Some Things to Consider Before Your Project Begins
Decorative concrete is a great way to get a custom look far less expensively than with other building materials such as pavers, wood, stone, or tile. Having a good decorative concrete job installed can be a pleasant experience, and one of the most gratifying home improvements you can make. However, when a job goes awry and the results are less than expected, many customers wish they had opted for something else. Often they simply had unrealistic expectations. They may have been over-sold on stamped concrete’s merits or underinformed on its limitations. The checklist below can help clarify what every potential customer should know before having decorative concrete installed at his or her home or business. If you follow the steps below, you are far more likely to have a pleasant building experience with fewer surprises.
- Educate yourself. Don’t just accept that whatever a contractor tells you is fact. Do research on the internet or in books and magazines. Visit chat rooms that deal with decorative concrete or home improvement to hear about other people’s experiences. Learn all you can before proceeding with the work.
One of the main things to consider is that decorative concrete is a craft product. It is not manufactured in a controlled environment where there are foolproof quality control procedures. As such, it is completely dependent upon the quality of the materials used, the skill and experience of the installer, and the on-site weather conditions. There will always be some flaws in the finished product! Expect them.
Decorative concrete is still just concrete after all, and will do everything that regular concrete will do. Just because it looks different on the surface does not mean that it won’t crack, age, or develop a few small popouts. It might. However, if properly placed, finished, and maintained, decorative concrete can provide decades of service.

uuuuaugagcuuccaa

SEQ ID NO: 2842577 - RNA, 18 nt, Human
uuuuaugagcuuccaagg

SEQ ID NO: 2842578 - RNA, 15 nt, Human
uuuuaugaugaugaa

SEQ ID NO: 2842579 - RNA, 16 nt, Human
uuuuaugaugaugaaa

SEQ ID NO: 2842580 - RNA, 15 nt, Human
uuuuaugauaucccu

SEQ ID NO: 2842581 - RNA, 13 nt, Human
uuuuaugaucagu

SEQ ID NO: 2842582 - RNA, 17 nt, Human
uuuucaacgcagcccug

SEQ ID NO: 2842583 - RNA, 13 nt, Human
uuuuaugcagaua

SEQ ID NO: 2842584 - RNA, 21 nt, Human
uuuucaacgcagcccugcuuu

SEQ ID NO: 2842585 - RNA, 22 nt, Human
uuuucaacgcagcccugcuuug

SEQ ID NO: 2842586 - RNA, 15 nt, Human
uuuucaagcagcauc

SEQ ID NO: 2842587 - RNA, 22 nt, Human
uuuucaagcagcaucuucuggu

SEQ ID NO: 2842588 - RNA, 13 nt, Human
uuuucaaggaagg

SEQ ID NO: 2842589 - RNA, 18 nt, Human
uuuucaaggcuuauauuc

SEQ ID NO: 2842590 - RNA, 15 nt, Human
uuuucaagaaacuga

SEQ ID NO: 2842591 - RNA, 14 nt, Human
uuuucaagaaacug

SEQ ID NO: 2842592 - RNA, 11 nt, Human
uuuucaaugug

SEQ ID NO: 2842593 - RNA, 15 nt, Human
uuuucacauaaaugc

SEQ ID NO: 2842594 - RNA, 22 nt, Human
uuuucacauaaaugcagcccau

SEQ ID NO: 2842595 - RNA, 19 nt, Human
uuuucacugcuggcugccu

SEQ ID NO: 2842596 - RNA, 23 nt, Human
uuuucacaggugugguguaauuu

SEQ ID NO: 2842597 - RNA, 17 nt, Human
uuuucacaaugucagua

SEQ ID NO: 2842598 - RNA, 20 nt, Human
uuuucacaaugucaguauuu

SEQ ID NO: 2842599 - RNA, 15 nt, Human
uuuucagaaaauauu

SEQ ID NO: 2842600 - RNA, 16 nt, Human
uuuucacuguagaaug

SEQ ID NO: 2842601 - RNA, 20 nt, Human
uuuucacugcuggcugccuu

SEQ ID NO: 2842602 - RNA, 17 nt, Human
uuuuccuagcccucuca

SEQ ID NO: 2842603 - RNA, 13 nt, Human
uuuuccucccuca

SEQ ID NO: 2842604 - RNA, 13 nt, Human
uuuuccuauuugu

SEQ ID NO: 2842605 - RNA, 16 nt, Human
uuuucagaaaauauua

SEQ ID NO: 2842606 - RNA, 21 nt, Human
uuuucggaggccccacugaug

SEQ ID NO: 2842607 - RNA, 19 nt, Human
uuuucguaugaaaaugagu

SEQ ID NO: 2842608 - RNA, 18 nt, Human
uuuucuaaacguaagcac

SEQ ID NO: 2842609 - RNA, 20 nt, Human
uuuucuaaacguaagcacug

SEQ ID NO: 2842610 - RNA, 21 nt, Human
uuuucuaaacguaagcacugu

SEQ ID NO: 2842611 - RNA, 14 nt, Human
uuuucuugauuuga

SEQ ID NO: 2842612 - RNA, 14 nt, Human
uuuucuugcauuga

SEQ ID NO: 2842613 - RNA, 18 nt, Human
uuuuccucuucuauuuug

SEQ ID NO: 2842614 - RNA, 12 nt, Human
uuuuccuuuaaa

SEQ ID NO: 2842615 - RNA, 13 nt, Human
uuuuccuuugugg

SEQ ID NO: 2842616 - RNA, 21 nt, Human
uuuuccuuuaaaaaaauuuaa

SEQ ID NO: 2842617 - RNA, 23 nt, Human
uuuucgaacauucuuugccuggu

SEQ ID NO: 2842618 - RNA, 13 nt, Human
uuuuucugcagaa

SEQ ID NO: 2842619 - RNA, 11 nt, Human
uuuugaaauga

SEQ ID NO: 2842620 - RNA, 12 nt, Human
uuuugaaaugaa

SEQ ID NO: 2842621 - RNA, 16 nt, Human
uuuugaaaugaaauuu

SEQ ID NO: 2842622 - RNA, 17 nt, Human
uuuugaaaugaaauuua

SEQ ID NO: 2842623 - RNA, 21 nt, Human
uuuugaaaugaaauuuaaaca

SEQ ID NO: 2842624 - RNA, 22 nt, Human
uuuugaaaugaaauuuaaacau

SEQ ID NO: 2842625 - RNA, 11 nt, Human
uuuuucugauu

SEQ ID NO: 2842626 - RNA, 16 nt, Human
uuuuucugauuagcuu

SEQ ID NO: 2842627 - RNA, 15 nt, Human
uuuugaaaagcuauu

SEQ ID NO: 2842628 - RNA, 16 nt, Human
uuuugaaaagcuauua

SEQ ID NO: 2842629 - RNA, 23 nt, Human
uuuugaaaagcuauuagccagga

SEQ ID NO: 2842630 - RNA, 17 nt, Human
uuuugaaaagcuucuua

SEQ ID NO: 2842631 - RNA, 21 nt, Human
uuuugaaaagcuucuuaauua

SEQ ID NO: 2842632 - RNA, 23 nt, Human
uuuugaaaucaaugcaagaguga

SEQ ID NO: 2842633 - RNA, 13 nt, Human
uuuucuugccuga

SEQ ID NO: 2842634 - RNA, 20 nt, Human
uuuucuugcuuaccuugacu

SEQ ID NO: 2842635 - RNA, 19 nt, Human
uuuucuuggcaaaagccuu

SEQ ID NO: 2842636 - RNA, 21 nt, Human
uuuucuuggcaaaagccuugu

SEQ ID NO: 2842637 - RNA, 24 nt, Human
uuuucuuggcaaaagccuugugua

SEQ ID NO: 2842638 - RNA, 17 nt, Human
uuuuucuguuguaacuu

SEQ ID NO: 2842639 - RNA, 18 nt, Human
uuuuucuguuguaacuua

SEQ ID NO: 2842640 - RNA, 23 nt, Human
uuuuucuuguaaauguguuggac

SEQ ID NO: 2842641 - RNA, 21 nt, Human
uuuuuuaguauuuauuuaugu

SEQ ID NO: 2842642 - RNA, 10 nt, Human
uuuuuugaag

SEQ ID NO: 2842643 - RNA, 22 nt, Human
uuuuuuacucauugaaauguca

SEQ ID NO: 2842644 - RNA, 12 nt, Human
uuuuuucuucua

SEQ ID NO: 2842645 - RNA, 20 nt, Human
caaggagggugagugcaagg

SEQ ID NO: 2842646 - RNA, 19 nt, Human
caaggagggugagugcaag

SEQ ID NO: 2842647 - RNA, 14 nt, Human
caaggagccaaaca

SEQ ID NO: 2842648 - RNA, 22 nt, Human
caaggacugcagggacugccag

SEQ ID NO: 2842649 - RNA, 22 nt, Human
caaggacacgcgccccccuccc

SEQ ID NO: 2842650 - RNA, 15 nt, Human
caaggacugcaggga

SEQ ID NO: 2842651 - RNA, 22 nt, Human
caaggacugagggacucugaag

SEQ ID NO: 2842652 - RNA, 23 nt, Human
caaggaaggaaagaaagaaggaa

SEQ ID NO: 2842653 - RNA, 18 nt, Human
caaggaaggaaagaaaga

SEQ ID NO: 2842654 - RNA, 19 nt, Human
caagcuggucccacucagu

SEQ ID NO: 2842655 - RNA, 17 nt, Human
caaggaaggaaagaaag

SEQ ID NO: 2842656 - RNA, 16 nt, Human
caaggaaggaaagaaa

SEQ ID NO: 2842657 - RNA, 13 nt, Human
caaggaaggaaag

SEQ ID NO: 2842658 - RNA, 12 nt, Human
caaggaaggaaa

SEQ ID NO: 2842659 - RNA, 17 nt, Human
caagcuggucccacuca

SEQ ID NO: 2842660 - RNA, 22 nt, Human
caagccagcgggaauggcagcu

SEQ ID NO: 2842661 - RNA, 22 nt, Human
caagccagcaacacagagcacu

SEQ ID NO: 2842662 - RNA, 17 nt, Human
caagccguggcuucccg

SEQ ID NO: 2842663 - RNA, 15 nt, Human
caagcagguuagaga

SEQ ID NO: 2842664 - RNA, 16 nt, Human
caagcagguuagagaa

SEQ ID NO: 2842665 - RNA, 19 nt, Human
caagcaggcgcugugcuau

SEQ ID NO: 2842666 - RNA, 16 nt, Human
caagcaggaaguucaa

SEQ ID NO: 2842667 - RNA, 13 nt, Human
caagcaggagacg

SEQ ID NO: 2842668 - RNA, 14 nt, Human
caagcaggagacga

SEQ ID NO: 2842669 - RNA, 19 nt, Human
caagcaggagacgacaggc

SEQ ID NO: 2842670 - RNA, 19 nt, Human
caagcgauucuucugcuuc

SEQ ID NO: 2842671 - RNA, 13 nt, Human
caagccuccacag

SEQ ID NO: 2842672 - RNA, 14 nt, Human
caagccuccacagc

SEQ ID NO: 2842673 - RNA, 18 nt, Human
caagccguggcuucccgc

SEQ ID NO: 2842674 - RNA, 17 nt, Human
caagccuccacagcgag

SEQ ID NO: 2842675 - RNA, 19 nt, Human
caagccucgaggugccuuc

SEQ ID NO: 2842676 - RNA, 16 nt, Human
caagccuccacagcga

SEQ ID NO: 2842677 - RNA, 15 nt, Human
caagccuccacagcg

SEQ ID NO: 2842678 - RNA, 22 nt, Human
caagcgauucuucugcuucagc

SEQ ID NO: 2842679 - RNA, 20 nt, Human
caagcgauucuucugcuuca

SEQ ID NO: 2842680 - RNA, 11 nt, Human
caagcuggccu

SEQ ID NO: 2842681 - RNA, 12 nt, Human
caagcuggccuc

- Choose a contractor wisely. In many areas of the country, there are literally hundreds of stamped concrete contractors vying for the same jobs. How do you choose the correct one? Go back to the first point I made…educate yourself! Find out how long the contractor has been doing this type of work. Check to make sure he has insurance. Get references and visit his actual jobsites. DO NOT rely solely upon photographs of his work. Speak to his former customers to get their opinions of his competence, professionalism, and reliability.
Check with organizations such as the Better Business Bureau or Angie’s List to see what other people say about the contractor, but take these sources with a grain of salt. Businesses pay the BBB for membership, and the results may be a bit skewed in the business’ favor as a result.
Angie’s List allows members, even those who have not actually hired the contractor, to rate the contractor’s prices and demeanor. Often, a homeowner gives a bad review based upon the belief that the contractor was too expensive or was simply too busy to give them an estimate in what they considered to be a timely manner. What the homeowner may fail to realize is that the contractor is so busy (and more expensive) because he does the best work in town and is in high demand. Consequently they give the contractor a bad review. If they choose to wait for this company instead of impatiently opting for someone who can get there sooner, they may get a much better job.